The most popular qualified plans for owner-operators are Individual Retirement Accounts. Contributions can be put into certificates of deposit, money-market accounts, savings accounts, mutual funds, stocks, bonds and U.S. Treasury securities. A banker, stockbroker or mutual fund company can help you set up an IRA.
TRADITIONAL IRA. You are allowed to contribute $5,500 a year, tax-deferred, to an IRA, through tax year 2018 with a catch-up contribution limit of $1,000 for individuals age 50 and older. As long as you’re not covered by an employer-sponsored retirement plan, all contributions to an IRA reduce your taxable income and are tax-deferred. If you or your spouse contributes to an employer-sponsored plan such as a 401(k), only a portion of your contribution to an IRA is deductible. Your IRA funds cannot be withdrawn before you reach age 59.5 — except under special circumstances — without incurring a hefty penalty.
ROTH IRA. The differences between a traditional IRA and a Roth IRA are the terms of contributions and payout. With a Roth IRA, contributions are not deducted from income, so they are taxable for the year they’re earned. But they do accumulate tax-deferred, and are tax-free when withdrawn.
SIMPLE IRA. The SIMPLE (Savings Incentive Match Plan for Employees) IRA was designed for companies with fewer than 100 employees. If you employ others, you and your employees qualify. Under a SIMPLE IRA arrangement, an employee of your business can contribute to and be matched by you up to $12,500 in 2018, with a $3,000 catch-up contribution limit for those 50 and older.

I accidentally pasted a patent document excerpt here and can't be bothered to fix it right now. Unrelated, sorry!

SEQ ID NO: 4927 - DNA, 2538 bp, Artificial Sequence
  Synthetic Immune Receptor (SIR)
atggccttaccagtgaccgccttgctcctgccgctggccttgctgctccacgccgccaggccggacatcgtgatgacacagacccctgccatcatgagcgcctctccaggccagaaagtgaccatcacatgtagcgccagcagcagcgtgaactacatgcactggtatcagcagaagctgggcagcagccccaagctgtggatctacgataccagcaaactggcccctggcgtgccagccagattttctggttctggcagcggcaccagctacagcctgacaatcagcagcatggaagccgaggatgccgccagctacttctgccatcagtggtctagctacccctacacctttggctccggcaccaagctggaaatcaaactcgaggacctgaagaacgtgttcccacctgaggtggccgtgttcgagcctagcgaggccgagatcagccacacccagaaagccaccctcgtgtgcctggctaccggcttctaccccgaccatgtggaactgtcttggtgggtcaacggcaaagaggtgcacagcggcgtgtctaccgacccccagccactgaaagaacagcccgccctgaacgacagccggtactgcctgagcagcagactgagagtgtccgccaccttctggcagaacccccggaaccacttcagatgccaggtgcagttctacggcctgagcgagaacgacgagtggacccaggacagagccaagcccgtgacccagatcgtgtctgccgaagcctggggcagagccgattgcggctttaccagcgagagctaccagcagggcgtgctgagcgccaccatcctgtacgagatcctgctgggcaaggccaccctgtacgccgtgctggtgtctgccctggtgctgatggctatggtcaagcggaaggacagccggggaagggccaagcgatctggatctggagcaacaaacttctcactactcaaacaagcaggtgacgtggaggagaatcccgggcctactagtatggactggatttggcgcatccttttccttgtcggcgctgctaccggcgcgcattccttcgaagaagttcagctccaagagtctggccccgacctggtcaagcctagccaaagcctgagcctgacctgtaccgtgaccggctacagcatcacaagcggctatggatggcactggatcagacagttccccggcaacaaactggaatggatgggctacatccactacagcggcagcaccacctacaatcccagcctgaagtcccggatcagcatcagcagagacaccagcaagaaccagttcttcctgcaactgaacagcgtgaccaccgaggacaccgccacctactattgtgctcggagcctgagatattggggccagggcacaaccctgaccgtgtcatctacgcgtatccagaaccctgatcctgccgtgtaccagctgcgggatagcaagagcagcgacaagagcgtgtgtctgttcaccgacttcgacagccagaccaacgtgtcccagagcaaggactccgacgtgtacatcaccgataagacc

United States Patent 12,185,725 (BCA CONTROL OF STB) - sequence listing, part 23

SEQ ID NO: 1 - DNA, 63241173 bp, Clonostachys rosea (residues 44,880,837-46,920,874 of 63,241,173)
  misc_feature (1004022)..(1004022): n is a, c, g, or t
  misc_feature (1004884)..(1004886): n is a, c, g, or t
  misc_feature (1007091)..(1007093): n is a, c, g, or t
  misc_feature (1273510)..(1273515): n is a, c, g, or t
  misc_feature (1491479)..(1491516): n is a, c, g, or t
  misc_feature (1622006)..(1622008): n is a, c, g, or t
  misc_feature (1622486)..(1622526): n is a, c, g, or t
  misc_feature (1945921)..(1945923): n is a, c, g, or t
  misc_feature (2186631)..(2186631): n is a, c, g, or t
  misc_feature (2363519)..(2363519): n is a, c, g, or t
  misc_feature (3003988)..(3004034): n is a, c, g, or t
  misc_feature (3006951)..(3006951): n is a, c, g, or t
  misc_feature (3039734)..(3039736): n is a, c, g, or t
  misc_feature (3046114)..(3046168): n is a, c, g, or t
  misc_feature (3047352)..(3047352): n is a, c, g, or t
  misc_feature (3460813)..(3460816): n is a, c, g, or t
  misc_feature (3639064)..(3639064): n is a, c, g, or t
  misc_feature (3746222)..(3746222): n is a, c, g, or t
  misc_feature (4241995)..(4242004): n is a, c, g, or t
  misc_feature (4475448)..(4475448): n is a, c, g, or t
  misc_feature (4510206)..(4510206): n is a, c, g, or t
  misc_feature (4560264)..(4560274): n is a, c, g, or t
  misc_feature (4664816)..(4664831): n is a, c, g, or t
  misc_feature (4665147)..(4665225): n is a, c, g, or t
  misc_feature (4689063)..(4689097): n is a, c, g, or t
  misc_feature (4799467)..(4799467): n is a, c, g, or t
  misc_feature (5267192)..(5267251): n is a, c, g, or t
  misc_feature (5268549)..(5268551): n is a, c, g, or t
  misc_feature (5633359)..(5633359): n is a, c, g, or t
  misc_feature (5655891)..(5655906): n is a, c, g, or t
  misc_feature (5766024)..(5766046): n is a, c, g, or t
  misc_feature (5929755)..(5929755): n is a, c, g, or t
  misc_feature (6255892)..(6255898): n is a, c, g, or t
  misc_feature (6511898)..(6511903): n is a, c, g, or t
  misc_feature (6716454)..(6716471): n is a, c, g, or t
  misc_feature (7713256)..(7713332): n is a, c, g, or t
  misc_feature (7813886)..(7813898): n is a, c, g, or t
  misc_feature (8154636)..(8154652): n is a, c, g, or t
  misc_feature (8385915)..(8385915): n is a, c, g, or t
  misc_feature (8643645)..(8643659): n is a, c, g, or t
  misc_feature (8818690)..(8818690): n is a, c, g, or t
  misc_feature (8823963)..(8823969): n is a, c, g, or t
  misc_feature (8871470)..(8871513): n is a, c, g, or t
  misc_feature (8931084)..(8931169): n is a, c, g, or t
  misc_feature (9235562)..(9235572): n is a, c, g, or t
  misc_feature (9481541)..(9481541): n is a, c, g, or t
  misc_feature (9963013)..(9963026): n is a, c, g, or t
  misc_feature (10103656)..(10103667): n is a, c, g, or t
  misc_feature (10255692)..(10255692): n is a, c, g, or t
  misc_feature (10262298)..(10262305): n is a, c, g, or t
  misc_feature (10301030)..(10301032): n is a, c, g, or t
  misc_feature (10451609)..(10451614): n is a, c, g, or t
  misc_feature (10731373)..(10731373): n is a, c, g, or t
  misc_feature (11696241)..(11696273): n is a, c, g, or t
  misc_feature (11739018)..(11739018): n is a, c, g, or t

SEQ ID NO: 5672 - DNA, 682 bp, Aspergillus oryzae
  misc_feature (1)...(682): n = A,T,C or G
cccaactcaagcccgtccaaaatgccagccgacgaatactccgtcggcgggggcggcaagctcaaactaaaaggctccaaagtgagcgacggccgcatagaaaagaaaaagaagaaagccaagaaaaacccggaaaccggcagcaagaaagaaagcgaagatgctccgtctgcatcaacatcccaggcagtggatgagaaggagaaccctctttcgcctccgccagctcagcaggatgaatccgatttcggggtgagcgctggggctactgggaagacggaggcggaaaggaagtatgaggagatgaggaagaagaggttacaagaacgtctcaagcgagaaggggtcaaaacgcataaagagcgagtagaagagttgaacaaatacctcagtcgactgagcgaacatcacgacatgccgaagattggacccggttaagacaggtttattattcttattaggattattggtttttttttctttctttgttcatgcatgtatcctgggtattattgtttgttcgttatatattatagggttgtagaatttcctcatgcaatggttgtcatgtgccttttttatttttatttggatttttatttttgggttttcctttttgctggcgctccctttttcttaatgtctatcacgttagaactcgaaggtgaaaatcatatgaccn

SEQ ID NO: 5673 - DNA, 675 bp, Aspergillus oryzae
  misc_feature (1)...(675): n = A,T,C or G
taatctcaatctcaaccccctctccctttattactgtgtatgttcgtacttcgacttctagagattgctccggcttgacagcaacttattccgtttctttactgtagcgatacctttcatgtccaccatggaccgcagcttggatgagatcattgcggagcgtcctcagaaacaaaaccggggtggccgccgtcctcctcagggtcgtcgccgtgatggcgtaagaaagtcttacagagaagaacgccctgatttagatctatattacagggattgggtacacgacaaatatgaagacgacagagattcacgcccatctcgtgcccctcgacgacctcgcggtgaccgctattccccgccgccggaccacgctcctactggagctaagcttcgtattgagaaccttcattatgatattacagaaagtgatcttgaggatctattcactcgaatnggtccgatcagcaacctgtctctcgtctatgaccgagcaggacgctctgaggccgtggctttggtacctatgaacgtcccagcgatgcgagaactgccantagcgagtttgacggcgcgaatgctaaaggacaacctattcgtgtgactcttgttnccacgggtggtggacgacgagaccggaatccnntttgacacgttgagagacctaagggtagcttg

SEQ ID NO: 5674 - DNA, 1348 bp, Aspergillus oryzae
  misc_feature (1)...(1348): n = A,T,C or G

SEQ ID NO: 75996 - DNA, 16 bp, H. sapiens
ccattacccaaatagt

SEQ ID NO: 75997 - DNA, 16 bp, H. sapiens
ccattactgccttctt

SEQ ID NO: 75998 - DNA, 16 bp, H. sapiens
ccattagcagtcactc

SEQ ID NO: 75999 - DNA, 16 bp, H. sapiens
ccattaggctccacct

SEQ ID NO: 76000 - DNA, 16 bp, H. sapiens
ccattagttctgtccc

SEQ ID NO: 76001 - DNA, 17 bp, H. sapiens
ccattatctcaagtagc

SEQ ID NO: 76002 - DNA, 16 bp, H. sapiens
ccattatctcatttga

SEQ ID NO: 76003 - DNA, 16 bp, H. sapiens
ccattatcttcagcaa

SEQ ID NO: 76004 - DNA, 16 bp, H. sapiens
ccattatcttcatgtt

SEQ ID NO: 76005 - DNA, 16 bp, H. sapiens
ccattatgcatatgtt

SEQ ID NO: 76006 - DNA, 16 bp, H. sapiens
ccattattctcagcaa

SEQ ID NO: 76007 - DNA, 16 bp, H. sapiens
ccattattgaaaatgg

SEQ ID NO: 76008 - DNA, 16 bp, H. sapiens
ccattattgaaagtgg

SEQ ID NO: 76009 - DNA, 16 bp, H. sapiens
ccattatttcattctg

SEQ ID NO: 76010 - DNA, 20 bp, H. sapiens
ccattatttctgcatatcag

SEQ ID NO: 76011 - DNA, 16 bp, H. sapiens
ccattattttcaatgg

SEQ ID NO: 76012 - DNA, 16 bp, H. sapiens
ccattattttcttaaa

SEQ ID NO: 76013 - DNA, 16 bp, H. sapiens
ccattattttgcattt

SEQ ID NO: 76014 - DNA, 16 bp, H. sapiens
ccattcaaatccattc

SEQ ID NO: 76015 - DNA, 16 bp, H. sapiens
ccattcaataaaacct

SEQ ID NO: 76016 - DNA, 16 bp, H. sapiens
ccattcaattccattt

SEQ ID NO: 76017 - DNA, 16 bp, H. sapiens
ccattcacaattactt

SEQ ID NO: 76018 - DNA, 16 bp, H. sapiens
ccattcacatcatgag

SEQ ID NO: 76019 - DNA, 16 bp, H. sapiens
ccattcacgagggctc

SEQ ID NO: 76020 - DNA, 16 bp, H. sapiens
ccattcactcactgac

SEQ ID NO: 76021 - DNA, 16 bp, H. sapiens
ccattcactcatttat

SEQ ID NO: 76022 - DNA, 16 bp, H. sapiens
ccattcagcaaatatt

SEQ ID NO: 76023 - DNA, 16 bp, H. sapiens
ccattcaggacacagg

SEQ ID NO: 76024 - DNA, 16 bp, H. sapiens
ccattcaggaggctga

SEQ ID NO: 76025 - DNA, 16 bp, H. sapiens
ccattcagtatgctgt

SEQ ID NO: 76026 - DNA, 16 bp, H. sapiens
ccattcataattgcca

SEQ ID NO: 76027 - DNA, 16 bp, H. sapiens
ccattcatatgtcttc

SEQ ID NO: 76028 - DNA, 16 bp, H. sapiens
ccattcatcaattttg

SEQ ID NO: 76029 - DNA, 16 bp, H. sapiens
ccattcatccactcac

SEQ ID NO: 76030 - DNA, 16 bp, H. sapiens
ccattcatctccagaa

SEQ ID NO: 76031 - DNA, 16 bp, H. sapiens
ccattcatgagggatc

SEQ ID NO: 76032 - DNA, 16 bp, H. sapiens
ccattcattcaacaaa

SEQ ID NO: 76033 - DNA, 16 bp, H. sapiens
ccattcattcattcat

SEP IRA. A Simplified Employee Pension plan allows an employer to contribute up to 25 percent of net income (up to $55,000 total) to an IRA set up for himself or his or her employees. After money is put into the plan, it must stay there until the owner turns 59.5. Early withdrawals are subject to federal income taxes and a possible 10 percent penalty.
INDIVIDUAL 401(k). For years, 401(k) retirement plans, another form of tax-deferred savings, were limited to employees, often with an employer match as a savings incentive. Since 2001, however, individuals have been free to set up solo 401(k)s, which have an annual contribution limit of up to 25 percent of income or $18,500, whichever is lower, in 2018, as long as you are classified as an employee of your own business (such as in an S Corp structure) and are paying yourself a salary. If you’re self-employed, the rules are more complicated. See IRS publication 560’s rate table and worksheets for determining your contribution limits.
ROTH 401(k). A newer retirement plan option is a combination of the Roth IRA and the solo 401(k) called the Roth 401(k): Money you put into it is taxed in the year you earned it, but never again. Many financial advisers believe a Roth 401(k) is by far the best deal for an owner-operator.
Assuming that taxes will go up in the long term is the safest of bets, so paying now locks in the lower rate. The more taxes you can pay while you’re younger, the better.